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24 Mar, 2014 10:25

15yo NATO bombings of Yugoslavia in 15 dramatic photos

15yo NATO bombings of Yugoslavia in 15 dramatic photos

2,000 civilians died during 78 days of devastating NATO airstrikes on Yugoslavia in 1999, when citizens of a European country became accustomed to war-heads flying over their heads, hiding in bomb shelters and praying for their loved ones to stay alive.

WATCH: ЗАШТО? WHY? Stories of the bombed Yugoslavia

US President Bill Clinton calls the bombing “humanitarian intervention” adding “It is also important to America's national interest”.

Clinton announced the bombing of Serbia. Thousands died. (AFP Photo)

NATO aircraft take off from bases in Italy and Germany, the first of 1,000 sorties under operation ‘Noble Anvil’ (seriously).

A US F-15C takes off from Cervia air base on a NATO mission over Yugoslavia 24 March, 1999. (AFP Photo)

NATO launch Tomahawk missiles with 1,000-pound warheads from ships in the Mediterranean and Adriatic at military facilities in Pristina, Podgorica, Batajnica and an air base near Belgrade.

A Tomahawk cruise missile is launched from the US Navy cruiser USS Philippine Sea 25 March 1999. (AFP Photo)

For the first time Serbian night skies are lit by fire from a NATO explosion.

A police training center in Novi Sad burns 25 March 1999, Tanjug. (AFP Photo)

At an emergency UNSC meeting only Russia, China and Namibia support a resolution condemning NATO’s aggression.

Sergey Lavrov, Russia's ambassador to the United Nations, at UNSC emergency meeting 26 March, 1999 (AFP Photo/Stan Honda)

NATO insists it will only bomb military targets in Yugoslavia, regularly issuing photos to support the claim.

A NATO photo published 28th March 1999 of Podgorica air base after NATO bombed it. (AFP Photo)

However, the so-called “humanitarian intervention” killed 2,000 civilians.

Relatives and friends mourn six Serbian TV workers killed by NATO April 26. (Reuters)

NATO destroyed homes and schools, libraries and hospitals, dismissing it as ‘collateral damage’.

Vehicles burn outside a hospital in Belgrade after NATO air strikes May 20. (Reuters)

A target became protest symbol. Anti-NATO demonstrators would use them in Belgrade and around the world.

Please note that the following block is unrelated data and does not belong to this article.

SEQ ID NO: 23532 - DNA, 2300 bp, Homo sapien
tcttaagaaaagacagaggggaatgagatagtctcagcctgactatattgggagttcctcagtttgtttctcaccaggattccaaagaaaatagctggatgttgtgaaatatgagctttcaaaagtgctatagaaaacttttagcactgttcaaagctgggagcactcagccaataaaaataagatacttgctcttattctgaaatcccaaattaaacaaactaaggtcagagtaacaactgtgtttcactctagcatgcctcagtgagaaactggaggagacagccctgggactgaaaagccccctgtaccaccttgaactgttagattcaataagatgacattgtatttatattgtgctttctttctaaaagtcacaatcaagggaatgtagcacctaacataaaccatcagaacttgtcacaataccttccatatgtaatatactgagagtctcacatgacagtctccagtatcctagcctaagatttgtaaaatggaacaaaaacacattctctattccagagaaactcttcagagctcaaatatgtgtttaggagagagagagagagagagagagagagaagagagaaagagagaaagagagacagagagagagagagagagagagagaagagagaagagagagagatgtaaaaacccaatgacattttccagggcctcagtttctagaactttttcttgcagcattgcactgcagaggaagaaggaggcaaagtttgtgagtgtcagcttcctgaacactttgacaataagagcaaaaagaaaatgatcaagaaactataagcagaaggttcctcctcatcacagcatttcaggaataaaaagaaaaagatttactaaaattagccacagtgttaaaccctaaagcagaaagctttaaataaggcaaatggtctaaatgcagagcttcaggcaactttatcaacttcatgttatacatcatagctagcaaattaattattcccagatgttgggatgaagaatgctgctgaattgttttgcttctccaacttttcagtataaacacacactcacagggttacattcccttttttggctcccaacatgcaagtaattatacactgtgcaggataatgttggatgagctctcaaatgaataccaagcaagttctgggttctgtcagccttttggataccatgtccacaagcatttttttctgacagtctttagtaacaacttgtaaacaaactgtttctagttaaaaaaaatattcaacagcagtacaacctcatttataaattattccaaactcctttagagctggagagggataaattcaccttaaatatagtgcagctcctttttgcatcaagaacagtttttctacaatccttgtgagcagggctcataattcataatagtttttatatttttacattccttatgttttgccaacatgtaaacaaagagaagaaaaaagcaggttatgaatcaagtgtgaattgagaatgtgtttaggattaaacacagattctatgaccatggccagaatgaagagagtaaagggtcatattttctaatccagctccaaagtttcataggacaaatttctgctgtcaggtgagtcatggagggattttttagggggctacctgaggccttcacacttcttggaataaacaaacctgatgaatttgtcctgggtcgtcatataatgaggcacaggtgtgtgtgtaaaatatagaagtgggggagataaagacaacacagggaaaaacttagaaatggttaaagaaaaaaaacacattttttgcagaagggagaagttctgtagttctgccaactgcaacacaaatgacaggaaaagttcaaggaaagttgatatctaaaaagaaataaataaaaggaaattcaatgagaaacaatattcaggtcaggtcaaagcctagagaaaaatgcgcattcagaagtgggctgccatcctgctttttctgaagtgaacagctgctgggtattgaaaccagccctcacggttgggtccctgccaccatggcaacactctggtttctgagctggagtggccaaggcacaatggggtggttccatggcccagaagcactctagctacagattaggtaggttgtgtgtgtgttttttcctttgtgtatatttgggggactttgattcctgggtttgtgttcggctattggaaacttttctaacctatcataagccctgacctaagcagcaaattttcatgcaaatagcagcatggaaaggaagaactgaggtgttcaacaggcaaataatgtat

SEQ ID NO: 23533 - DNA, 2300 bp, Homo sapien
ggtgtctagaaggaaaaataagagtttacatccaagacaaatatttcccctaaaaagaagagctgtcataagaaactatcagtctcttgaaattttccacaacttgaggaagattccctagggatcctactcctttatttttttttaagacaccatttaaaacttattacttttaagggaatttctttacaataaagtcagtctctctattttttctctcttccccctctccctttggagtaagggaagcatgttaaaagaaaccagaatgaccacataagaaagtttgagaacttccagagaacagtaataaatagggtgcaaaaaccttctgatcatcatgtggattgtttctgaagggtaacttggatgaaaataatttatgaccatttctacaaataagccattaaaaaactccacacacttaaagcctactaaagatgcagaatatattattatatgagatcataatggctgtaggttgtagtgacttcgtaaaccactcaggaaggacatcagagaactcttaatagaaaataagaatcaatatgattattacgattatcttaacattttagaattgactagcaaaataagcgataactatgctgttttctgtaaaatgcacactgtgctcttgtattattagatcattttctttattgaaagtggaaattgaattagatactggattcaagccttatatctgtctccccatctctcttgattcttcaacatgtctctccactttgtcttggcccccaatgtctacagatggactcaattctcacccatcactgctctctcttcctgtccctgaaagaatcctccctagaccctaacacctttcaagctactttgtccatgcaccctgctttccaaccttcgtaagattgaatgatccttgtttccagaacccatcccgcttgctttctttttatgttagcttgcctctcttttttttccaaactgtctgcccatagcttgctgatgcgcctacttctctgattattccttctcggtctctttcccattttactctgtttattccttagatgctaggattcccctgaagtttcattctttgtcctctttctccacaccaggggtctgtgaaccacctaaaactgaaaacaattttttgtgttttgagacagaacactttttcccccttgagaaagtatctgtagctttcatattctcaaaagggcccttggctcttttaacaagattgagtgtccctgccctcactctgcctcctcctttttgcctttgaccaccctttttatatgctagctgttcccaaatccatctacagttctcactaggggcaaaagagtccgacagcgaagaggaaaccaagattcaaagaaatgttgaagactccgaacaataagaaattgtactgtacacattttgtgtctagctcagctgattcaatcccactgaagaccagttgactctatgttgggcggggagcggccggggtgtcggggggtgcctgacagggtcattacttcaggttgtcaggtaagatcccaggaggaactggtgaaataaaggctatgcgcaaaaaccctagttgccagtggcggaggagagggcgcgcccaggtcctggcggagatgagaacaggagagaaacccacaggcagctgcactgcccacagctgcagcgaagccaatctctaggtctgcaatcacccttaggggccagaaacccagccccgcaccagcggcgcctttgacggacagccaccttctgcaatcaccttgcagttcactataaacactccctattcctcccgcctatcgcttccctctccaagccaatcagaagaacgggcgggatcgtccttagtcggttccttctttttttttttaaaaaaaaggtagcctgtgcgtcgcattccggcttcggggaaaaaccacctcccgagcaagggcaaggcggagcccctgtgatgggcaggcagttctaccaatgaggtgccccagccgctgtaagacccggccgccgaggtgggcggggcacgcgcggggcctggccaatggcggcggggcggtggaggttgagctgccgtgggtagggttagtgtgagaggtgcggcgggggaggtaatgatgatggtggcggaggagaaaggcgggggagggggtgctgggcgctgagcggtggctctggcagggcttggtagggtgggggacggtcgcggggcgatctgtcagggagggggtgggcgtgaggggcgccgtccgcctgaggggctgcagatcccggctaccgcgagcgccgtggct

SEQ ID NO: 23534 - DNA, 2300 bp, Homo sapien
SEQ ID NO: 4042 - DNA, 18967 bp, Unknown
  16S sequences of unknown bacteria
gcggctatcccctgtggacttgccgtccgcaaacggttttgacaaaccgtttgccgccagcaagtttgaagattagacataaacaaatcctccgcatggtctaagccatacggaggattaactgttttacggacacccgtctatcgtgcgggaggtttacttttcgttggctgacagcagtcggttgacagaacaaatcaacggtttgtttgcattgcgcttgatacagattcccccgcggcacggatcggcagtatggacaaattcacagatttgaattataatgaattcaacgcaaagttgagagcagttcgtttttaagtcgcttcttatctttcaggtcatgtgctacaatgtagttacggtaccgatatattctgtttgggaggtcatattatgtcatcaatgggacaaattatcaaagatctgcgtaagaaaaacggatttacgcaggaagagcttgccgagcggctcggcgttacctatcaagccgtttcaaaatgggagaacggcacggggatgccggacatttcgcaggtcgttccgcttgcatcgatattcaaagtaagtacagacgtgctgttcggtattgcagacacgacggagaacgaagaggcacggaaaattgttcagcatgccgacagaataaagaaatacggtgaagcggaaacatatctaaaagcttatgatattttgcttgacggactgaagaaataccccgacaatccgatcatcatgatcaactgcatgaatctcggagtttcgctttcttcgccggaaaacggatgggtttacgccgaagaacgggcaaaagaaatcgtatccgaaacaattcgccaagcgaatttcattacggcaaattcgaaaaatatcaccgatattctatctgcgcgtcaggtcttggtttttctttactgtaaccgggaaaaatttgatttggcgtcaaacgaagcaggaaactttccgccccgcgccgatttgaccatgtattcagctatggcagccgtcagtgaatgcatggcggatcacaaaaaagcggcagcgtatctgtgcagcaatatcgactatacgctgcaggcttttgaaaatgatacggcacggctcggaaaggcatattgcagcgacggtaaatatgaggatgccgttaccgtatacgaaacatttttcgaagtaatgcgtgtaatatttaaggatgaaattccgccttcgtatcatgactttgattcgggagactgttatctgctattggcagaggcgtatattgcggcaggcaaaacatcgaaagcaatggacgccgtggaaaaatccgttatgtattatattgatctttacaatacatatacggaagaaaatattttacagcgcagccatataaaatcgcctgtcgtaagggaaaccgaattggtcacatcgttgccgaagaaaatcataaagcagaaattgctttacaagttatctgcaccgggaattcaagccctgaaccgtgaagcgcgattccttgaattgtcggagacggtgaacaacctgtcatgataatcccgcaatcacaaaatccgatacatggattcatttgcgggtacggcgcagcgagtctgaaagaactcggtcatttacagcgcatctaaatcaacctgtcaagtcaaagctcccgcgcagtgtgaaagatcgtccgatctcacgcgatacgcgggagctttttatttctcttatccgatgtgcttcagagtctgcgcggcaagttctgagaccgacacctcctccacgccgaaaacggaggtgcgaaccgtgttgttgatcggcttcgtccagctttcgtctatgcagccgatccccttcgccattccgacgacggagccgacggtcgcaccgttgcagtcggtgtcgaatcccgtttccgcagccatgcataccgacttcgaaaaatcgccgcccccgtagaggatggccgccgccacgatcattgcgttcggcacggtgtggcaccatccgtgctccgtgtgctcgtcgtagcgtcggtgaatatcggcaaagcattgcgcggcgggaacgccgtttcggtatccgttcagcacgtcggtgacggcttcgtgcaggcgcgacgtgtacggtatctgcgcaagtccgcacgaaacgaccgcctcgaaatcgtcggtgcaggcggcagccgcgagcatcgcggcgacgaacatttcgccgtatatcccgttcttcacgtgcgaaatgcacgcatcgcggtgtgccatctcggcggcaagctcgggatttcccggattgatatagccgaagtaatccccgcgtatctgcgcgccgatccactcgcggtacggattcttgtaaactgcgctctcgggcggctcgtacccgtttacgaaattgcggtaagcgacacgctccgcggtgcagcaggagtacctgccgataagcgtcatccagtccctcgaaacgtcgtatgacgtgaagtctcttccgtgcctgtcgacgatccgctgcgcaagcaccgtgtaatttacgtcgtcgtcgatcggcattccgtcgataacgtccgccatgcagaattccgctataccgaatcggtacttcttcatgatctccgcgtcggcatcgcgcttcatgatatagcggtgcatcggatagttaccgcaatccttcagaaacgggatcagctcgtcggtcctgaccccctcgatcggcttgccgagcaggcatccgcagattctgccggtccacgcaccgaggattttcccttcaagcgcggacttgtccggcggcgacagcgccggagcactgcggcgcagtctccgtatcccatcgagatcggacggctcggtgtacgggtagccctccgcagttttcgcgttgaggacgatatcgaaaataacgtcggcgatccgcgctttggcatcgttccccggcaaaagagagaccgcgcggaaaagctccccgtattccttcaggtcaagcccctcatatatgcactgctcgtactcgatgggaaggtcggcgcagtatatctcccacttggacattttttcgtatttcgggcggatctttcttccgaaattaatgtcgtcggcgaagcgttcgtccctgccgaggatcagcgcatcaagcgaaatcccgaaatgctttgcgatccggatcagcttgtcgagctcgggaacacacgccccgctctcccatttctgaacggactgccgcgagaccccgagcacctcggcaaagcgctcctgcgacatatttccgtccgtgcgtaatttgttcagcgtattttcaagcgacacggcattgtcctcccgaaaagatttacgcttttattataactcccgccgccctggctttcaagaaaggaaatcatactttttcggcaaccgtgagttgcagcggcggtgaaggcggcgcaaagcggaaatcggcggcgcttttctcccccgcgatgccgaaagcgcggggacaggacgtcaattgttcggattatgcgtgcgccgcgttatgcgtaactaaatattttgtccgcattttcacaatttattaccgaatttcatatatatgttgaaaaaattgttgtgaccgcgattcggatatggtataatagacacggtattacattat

Serbs give an Orthodox ‘salute’ during a central Belgrade protest against NATO airstrikes March 29. (Reuters)

In April, Belgrade announced a unilateral ceasefire to mark the Orthodox Easter and made an offer to allow refugees to return to Kosovo. The West replied with another night of bombing.

Pristina residents search through the rubble after a NATO missile hits the centre of Kosovo's capital early April 7. (Reuters)

Thousands of people spent nights in bomb shelters.

A woman feeds her baby in a Belgrade bomb shelter after air raid sirens went of May 8. (Reuters)

In late May NATO plunged Belgrade into darkness, destroying a power plant that supplied much of Serbia.

A boy watches his mother prepare food in Belgrade May 23. (Reuters)

NATO either completely destroyed or damaged 40,000 homes.

A man in front of his house after a daylight May 7 NATO raid over Nis. (Reuters)

Refineries and chemical plants all over Serbia were destroyed, polluting the region’s ecology and damaging public health.

Smoke looms over Belgrade from the Pancevo chemical plant after NATO air strike April 18. (Reuters)

15 years after the NATO bombings, Serbia is still haunted by the memories of the aggression which cost it hundreds of lives.

A woman walks in front of the former federal Interior Ministry in Belgrade, destroyed by NATO March 22, 2014. (AFP Photo)